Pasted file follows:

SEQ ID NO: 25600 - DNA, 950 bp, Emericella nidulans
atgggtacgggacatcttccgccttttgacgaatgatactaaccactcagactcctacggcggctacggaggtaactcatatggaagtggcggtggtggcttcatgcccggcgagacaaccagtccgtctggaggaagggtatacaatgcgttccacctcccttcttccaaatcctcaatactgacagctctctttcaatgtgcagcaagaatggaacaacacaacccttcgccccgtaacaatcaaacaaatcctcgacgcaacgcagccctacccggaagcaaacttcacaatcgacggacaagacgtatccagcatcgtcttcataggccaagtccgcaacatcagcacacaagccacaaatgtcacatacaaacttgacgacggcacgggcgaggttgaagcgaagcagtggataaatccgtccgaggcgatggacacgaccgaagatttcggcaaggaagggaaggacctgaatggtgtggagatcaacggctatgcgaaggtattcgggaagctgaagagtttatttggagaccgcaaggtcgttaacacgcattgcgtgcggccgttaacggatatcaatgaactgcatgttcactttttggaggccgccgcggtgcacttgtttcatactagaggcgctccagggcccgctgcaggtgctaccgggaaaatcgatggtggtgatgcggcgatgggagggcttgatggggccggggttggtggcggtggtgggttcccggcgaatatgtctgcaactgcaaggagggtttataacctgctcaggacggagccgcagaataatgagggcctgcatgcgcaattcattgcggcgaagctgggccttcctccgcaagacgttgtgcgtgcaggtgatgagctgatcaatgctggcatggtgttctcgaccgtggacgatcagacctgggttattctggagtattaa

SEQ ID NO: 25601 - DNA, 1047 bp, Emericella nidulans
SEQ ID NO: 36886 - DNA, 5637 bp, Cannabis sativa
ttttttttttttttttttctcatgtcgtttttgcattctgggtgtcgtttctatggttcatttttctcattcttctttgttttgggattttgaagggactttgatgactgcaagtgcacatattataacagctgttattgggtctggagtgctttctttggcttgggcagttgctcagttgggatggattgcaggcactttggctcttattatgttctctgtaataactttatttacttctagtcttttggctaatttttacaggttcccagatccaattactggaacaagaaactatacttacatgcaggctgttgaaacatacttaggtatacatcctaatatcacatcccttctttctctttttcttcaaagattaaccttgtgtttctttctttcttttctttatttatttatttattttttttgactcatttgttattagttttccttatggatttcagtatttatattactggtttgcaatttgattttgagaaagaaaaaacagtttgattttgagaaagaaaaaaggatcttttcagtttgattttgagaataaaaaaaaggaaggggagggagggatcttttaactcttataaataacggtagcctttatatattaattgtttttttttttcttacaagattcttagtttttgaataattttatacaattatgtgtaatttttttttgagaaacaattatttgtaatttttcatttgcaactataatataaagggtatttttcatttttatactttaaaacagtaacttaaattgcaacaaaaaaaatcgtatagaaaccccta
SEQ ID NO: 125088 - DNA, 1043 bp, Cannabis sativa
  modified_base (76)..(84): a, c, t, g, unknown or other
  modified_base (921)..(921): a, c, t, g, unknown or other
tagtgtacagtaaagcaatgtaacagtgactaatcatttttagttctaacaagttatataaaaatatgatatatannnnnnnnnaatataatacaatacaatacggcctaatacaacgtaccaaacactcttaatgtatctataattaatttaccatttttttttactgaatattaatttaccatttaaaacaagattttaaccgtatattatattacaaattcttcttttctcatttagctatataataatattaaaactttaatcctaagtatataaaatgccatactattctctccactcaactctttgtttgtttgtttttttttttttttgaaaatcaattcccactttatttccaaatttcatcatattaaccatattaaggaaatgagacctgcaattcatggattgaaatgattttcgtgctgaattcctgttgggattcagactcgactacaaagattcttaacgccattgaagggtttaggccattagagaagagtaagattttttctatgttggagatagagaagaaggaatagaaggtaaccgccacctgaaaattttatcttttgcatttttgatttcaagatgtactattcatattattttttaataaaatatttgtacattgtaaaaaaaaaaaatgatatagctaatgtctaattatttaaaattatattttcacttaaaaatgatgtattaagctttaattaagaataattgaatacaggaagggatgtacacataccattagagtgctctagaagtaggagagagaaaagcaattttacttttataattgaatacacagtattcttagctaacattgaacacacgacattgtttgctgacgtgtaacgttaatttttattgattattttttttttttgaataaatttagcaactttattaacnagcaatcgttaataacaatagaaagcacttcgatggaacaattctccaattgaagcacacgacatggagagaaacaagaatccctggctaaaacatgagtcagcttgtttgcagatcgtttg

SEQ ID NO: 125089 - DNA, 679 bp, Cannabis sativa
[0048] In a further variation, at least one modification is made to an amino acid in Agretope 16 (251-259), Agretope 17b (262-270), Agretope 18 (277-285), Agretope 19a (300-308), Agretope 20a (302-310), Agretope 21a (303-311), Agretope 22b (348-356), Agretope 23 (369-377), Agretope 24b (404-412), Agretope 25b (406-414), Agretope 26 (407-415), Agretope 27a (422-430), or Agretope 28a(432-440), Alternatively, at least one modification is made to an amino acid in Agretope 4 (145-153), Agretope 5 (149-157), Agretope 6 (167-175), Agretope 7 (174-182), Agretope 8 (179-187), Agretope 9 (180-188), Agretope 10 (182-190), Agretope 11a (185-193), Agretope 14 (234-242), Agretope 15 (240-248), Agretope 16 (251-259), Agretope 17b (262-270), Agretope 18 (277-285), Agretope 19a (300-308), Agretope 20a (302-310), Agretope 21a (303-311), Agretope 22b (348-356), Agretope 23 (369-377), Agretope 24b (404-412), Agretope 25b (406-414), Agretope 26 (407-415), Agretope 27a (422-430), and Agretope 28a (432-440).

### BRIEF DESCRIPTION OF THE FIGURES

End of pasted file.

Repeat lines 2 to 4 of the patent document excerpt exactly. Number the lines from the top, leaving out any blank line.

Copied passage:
atgggtacgggacatcttccgccttttgacgaatgatactaaccactcagactcctacggcggctacggaggtaactcatatggaagtggcggtggtggcttcatgcccggcgagacaaccagtccgtctggaggaagggtatacaatgcgttccacctcccttcttccaaatcctcaatactgacagctctctttcaatgtgcagcaagaatggaacaacacaacccttcgccccgtaacaatcaaacaaatcctcgacgcaacgcagccctacccggaagcaaacttcacaatcgacggacaagacgtatccagcatcgtcttcataggccaagtccgcaacatcagcacacaagccacaaatgtcacatacaaacttgacgacggcacgggcgaggttgaagcgaagcagtggataaatccgtccgaggcgatggacacgaccgaagatttcggcaaggaagggaaggacctgaatggtgtggagatcaacggctatgcgaaggtattcgggaagctgaagagtttatttggagaccgcaaggtcgttaacacgcattgcgtgcggccgttaacggatatcaatgaactgcatgttcactttttggaggccgccgcggtgcacttgtttcatactagaggcgctccagggcccgctgcaggtgctaccgggaaaatcgatggtggtgatgcggcgatgggagggcttgatggggccggggttggtggcggtggtgggttcccggcgaatatgtctgcaactgcaaggagggtttataacctgctcaggacggagccgcagaataatgagggcctgcatgcgcaattcattgcggcgaagctgggccttcctccgcaagacgttgtgcgtgcaggtgatgagctgatcaatgctggcatggtgttctcgaccgtggacgatcagacctgggttattctggagtattaa

SEQ ID NO: 25601 - DNA, 1047 bp, Emericella nidulans
SEQ ID NO: 36886 - DNA, 5637 bp, Cannabis sativa